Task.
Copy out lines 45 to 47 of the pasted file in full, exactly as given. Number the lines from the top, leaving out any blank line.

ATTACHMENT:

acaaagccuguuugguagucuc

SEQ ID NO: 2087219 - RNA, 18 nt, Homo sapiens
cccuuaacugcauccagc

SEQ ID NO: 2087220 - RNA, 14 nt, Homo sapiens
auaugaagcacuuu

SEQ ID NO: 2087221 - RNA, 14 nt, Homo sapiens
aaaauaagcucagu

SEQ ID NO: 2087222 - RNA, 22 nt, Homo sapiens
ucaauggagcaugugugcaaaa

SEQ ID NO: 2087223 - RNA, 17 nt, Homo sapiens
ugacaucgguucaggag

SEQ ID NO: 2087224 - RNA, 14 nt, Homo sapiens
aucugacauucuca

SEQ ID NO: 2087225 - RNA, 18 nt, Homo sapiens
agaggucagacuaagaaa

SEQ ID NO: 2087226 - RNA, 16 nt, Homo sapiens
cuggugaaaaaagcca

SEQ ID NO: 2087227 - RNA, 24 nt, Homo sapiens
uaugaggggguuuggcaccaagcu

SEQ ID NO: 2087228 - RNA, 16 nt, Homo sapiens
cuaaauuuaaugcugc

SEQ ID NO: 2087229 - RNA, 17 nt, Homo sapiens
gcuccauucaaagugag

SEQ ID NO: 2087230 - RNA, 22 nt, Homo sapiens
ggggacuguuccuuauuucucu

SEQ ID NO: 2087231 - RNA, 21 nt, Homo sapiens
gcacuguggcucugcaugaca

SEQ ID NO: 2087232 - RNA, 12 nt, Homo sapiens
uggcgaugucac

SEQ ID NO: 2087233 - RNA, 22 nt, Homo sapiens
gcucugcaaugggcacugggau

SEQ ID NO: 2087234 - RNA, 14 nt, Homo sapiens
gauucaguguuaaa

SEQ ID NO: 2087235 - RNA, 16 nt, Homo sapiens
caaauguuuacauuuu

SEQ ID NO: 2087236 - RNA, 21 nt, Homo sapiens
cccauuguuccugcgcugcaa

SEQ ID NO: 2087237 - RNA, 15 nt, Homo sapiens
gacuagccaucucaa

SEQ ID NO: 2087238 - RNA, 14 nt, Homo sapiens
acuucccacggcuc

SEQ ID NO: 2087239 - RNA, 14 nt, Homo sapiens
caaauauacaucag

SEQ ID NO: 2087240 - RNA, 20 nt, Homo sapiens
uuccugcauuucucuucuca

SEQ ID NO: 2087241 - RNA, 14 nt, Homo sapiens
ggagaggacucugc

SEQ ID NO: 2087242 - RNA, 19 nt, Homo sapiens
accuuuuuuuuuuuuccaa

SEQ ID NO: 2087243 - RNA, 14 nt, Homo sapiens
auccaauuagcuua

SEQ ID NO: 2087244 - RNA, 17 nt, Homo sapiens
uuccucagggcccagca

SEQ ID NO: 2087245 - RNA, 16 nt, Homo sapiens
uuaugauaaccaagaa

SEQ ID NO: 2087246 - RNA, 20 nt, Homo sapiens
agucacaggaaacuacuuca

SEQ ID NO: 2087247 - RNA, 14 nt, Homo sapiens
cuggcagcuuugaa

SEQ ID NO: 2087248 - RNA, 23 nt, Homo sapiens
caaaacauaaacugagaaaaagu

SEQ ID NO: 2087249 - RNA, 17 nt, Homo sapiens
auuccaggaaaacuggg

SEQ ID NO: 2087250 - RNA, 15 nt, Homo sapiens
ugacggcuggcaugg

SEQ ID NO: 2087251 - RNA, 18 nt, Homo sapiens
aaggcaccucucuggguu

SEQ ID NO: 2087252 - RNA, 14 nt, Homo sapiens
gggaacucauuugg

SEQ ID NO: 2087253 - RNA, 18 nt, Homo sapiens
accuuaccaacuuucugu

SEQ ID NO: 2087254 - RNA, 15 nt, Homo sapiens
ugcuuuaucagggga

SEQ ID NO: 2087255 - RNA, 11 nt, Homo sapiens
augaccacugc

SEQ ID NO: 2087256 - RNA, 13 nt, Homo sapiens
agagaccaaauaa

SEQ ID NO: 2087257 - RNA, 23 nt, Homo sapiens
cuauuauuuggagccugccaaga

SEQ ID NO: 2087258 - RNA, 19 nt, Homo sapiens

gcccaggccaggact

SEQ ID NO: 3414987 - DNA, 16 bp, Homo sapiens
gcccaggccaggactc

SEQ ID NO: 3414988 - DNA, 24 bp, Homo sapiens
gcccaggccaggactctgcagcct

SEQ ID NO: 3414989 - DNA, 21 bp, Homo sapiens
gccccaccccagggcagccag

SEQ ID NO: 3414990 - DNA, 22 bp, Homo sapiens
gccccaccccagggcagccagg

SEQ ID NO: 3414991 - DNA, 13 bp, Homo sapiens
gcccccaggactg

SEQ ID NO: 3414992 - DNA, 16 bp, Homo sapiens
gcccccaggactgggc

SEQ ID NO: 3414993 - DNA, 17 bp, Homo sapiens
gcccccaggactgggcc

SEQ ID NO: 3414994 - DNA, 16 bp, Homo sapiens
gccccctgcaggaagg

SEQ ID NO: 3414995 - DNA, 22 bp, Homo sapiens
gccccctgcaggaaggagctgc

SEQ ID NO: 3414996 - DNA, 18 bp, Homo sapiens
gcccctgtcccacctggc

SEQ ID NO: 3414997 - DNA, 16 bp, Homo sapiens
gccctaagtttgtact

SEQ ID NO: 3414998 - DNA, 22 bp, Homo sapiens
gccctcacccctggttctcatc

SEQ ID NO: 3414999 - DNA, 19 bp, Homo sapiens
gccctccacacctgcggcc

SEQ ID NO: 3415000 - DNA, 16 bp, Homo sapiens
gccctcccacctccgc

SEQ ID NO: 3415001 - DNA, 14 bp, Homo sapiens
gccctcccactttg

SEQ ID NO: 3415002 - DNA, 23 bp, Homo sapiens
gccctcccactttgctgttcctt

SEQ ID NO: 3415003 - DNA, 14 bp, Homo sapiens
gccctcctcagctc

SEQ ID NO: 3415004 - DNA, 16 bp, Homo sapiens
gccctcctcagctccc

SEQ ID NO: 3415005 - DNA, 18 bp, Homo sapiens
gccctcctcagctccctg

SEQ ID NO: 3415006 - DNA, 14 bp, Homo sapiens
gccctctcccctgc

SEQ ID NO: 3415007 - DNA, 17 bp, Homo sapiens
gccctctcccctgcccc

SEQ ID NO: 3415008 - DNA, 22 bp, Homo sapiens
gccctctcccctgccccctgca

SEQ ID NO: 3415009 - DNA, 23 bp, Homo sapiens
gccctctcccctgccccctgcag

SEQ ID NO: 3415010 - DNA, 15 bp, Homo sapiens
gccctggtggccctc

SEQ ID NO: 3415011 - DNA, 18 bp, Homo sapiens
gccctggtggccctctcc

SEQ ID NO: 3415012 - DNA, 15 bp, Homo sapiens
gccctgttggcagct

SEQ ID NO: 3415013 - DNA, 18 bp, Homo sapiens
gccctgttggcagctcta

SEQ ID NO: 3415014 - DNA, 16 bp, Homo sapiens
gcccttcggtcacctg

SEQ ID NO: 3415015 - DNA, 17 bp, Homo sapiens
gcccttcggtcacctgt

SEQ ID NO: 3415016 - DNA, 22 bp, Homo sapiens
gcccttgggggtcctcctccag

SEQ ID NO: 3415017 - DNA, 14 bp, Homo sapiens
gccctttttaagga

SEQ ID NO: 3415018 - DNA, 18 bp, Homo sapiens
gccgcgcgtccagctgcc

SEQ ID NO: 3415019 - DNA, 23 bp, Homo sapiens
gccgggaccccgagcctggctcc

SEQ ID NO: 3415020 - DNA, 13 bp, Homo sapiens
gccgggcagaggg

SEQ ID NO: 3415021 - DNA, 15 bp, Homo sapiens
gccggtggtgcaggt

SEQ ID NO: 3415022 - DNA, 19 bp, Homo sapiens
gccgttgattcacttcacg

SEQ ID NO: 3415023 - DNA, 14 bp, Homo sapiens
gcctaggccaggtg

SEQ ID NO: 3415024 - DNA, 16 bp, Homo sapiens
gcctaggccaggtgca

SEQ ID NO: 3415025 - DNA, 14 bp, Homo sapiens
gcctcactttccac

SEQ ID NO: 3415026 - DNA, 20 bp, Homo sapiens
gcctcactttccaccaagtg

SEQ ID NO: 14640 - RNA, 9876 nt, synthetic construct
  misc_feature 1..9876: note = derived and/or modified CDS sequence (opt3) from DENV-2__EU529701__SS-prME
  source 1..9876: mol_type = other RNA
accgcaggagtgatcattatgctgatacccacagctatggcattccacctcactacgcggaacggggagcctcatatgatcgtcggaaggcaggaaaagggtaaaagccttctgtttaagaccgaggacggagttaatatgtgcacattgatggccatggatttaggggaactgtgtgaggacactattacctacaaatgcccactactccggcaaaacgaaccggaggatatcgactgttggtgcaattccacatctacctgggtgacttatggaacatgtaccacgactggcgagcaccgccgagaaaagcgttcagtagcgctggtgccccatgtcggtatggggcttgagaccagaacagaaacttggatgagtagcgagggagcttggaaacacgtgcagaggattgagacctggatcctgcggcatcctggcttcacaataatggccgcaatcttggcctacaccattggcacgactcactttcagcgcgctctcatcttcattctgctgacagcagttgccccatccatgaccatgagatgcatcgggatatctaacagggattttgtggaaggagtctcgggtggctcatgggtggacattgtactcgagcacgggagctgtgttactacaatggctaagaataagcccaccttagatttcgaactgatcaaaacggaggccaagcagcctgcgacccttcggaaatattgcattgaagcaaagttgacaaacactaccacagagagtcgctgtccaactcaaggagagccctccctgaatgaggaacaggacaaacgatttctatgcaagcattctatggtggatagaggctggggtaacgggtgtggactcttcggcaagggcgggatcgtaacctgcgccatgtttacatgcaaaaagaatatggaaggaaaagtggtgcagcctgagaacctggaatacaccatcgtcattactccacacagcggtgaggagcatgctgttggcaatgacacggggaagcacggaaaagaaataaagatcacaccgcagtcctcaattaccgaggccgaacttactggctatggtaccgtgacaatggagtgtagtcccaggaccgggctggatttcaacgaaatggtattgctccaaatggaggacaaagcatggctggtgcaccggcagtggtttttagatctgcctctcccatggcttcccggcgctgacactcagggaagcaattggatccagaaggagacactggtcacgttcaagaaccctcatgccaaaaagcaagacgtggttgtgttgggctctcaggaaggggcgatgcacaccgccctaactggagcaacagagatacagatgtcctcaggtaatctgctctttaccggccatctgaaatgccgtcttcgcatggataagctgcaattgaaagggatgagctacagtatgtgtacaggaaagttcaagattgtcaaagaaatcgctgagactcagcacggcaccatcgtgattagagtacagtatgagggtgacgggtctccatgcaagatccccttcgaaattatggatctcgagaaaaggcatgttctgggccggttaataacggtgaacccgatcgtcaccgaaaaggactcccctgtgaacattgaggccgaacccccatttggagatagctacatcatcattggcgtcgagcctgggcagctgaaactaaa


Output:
uuccugcauuucucuucuca

SEQ ID NO: 2087241 - RNA, 14 nt, Homo sapiens
ggagaggacucugc